Brian Shamblen

Maryland Firm Harvests East Coast’s First Outdoor Cannabis Crop

The East Coast’s first commercial outdoor cannabis crop has been harvested in Maryland; licensed producers in the area typically grow indoors and in greenhouses.

Full story after the jump.

The East Coast’s first outdoor commercial cannabis crop cultivated by Culta is being harvested in Maryland, the Baltimore Sun reports. It’s a 1-acre multimillion-dollar “experiment” in a part of the country ill-suited for outdoor cultivation where licensed producers usually grow indoors and in greenhouses.

The plants from the harvest will be used for concentrates, tinctures, and vape cartridges, rather than raw flower. The crop was grown on a site contaminated by the 1989 Cambridge Butter Fire and Culta had to clear four inches of contaminated soil from the site that was scarred by a multiday grease fire.

Mackie Barch, the owner of Culta, said the harvest was “a race against the clock” as the weather begins to turn on the East Coast. If the company sees profits with the crop it could perfect its process and corner the market in “sun-grown” cannabis on the East Coast. Sun-grown cannabis is often marketed as more sustainable than its indoor-grown counterparts.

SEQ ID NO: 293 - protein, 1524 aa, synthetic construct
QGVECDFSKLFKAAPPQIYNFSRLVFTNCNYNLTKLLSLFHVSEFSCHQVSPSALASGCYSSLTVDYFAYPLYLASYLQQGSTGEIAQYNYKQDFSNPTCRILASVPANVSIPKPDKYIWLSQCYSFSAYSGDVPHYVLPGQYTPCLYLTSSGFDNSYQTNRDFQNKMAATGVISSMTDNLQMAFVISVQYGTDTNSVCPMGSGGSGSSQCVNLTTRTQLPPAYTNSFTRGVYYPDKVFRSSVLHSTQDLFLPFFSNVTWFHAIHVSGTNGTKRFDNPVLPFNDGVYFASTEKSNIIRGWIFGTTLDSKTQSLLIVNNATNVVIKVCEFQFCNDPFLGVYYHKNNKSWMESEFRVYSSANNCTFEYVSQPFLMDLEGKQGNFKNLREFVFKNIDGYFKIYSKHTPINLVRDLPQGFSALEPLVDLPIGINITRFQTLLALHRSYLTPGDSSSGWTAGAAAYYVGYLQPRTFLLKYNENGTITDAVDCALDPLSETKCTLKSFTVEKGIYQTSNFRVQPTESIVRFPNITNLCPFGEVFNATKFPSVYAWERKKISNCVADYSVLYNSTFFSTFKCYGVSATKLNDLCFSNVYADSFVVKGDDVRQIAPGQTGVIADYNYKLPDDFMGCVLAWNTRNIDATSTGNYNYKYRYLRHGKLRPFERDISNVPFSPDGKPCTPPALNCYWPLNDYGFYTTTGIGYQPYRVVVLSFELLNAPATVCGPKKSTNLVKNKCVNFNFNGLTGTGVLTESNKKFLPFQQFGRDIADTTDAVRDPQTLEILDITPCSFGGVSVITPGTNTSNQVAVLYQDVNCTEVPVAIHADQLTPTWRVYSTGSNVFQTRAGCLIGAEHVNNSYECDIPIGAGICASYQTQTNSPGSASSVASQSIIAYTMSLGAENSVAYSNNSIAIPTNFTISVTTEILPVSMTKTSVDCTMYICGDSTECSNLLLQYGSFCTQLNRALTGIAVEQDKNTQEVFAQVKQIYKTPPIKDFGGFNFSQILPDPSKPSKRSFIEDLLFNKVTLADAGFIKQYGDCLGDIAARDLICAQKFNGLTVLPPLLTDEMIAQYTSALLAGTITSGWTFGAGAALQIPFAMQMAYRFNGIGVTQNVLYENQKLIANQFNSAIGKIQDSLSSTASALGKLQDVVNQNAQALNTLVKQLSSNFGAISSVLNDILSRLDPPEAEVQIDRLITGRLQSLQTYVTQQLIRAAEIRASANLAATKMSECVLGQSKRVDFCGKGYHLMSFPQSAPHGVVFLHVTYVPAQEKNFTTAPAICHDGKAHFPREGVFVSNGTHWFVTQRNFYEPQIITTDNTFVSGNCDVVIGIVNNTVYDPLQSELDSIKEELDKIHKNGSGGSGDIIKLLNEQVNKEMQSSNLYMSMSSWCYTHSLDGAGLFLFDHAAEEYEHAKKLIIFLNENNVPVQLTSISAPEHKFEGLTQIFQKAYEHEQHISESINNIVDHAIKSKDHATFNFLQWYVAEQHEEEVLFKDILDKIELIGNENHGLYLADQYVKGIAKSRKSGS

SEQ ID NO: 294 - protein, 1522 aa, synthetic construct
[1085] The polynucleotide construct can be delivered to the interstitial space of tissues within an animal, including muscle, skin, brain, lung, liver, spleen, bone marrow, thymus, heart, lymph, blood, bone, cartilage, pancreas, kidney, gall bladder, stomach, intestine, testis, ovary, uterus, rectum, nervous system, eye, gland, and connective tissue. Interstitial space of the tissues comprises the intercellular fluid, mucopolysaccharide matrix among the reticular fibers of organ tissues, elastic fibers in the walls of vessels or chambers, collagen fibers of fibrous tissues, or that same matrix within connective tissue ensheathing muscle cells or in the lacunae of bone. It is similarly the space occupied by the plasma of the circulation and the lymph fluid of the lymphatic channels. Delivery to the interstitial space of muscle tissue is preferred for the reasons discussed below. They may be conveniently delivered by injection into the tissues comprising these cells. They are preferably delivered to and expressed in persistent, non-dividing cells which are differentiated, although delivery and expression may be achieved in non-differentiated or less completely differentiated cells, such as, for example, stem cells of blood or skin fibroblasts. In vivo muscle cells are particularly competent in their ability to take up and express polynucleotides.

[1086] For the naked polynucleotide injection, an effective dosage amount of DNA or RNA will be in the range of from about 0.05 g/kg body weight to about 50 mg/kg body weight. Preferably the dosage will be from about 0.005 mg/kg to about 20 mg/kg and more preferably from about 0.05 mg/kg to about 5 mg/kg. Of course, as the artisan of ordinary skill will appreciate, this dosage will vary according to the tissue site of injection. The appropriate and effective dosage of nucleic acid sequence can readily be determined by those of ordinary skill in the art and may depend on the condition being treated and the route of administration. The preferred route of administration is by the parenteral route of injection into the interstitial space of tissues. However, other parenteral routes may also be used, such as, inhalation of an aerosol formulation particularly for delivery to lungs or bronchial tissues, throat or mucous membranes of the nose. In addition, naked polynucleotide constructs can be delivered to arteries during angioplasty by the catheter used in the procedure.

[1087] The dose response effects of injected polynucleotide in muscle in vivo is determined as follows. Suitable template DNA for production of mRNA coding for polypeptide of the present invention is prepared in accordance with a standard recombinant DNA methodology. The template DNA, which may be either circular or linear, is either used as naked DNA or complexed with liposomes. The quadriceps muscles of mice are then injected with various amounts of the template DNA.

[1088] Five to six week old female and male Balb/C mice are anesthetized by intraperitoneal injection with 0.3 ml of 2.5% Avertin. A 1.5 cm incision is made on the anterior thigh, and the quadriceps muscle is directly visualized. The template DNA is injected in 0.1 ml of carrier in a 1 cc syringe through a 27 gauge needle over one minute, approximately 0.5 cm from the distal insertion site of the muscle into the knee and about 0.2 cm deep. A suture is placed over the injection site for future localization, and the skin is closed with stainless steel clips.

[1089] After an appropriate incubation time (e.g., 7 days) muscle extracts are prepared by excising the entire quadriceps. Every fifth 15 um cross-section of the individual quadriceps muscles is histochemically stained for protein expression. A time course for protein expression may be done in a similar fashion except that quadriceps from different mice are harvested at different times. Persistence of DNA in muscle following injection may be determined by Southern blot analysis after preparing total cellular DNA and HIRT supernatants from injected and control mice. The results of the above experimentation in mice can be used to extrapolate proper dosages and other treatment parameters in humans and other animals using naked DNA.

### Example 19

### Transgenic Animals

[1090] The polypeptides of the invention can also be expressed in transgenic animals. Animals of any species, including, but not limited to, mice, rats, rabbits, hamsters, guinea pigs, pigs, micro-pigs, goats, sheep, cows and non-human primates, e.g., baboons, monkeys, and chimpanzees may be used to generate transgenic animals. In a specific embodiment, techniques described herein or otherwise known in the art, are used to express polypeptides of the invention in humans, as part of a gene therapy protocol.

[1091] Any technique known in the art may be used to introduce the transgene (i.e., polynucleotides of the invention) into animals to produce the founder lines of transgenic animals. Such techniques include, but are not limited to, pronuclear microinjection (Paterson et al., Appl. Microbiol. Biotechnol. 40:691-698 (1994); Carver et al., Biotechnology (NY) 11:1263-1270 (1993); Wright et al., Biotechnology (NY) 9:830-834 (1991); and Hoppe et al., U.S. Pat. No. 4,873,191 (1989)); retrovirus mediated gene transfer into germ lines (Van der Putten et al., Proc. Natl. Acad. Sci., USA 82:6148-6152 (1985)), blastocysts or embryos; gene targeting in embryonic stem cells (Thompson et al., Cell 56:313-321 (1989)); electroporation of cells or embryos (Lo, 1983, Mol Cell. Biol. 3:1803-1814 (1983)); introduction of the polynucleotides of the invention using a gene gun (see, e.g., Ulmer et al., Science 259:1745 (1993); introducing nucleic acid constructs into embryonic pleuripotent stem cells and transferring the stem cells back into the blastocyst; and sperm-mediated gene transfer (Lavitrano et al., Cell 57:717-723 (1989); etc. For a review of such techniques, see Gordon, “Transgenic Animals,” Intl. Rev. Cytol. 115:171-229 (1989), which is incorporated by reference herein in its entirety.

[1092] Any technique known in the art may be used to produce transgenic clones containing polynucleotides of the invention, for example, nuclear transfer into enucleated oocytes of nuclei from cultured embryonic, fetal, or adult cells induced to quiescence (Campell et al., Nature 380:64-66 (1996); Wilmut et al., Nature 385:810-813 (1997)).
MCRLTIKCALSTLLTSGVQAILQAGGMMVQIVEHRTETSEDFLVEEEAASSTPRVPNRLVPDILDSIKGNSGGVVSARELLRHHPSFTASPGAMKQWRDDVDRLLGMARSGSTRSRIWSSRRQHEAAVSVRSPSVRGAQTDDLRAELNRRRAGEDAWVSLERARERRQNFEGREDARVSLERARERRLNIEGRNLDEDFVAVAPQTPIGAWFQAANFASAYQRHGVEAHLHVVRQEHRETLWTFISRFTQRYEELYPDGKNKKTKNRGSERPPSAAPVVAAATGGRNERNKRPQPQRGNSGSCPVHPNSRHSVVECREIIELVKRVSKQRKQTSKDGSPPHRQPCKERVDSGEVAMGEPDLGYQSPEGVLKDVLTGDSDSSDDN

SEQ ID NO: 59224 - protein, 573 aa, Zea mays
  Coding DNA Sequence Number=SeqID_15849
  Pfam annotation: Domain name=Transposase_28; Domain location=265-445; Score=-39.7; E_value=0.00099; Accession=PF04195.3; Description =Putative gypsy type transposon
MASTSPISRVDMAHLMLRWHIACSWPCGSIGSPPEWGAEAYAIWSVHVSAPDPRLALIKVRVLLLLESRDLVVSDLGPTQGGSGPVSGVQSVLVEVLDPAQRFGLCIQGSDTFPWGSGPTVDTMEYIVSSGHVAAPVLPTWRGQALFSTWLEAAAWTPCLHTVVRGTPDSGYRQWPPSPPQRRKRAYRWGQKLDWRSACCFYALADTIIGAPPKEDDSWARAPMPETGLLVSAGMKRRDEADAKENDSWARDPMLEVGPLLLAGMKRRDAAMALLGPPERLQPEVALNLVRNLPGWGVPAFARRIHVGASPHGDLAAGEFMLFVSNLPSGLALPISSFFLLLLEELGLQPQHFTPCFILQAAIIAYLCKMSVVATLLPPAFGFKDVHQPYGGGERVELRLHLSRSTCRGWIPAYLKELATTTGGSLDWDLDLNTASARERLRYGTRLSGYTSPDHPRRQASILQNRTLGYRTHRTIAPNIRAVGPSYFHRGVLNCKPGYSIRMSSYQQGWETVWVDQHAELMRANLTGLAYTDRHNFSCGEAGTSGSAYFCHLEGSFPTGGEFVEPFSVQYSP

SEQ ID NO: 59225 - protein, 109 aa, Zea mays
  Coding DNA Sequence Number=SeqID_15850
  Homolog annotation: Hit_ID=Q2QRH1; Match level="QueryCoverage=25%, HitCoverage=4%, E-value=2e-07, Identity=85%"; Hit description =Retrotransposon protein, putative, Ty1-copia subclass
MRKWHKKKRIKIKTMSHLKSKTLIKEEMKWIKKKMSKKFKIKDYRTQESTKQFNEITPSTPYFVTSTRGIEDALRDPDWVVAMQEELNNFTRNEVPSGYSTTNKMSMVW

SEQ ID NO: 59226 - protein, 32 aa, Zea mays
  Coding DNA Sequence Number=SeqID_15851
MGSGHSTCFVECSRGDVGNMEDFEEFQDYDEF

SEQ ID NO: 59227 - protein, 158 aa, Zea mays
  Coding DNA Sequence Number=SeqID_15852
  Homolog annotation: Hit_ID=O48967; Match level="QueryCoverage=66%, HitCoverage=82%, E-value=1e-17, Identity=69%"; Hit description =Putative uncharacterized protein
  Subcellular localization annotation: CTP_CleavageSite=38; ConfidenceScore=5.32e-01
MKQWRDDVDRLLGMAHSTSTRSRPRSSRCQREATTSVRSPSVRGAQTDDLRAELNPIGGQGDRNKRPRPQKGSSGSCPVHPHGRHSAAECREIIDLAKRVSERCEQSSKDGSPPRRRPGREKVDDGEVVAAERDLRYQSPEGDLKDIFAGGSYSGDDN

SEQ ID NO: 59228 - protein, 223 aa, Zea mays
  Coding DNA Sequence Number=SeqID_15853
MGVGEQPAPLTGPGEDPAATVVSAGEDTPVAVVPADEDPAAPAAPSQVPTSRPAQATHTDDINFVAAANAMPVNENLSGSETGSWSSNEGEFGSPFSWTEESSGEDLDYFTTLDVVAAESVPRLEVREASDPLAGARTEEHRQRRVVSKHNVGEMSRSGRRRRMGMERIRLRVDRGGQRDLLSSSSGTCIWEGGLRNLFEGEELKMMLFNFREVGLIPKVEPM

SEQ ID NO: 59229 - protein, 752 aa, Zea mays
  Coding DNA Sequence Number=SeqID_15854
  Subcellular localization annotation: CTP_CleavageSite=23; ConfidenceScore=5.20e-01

In Maryland, many municipalities have banned outdoor cultivation over odor concerns and other states have their own restrictions due to safety concerns.

Brian Vicente, a Colorado-based cannabis attorney and industry consultant, told the Sun that most states don’t allow outdoor cultivation when their cannabis programs go online.

“There’s a sort of rule of thumb that when marijuana first becomes legal, it gets regulated like plutonium.” – Vincente, to the Sun

Culta had to employ 12 seasonal workers to help harvest the crop and the buds were flash-frozen or cured depending on how they would be used. The company’s experiment involves “pheno-hunting” in an effort to see what plants grow well in the climate. They estimate that about 90 percent of the variants planted in the plot will not be used again because they are not hardy or distinct enough. The other 10 percent will be cloned and replanted alongside the next experimental crop.

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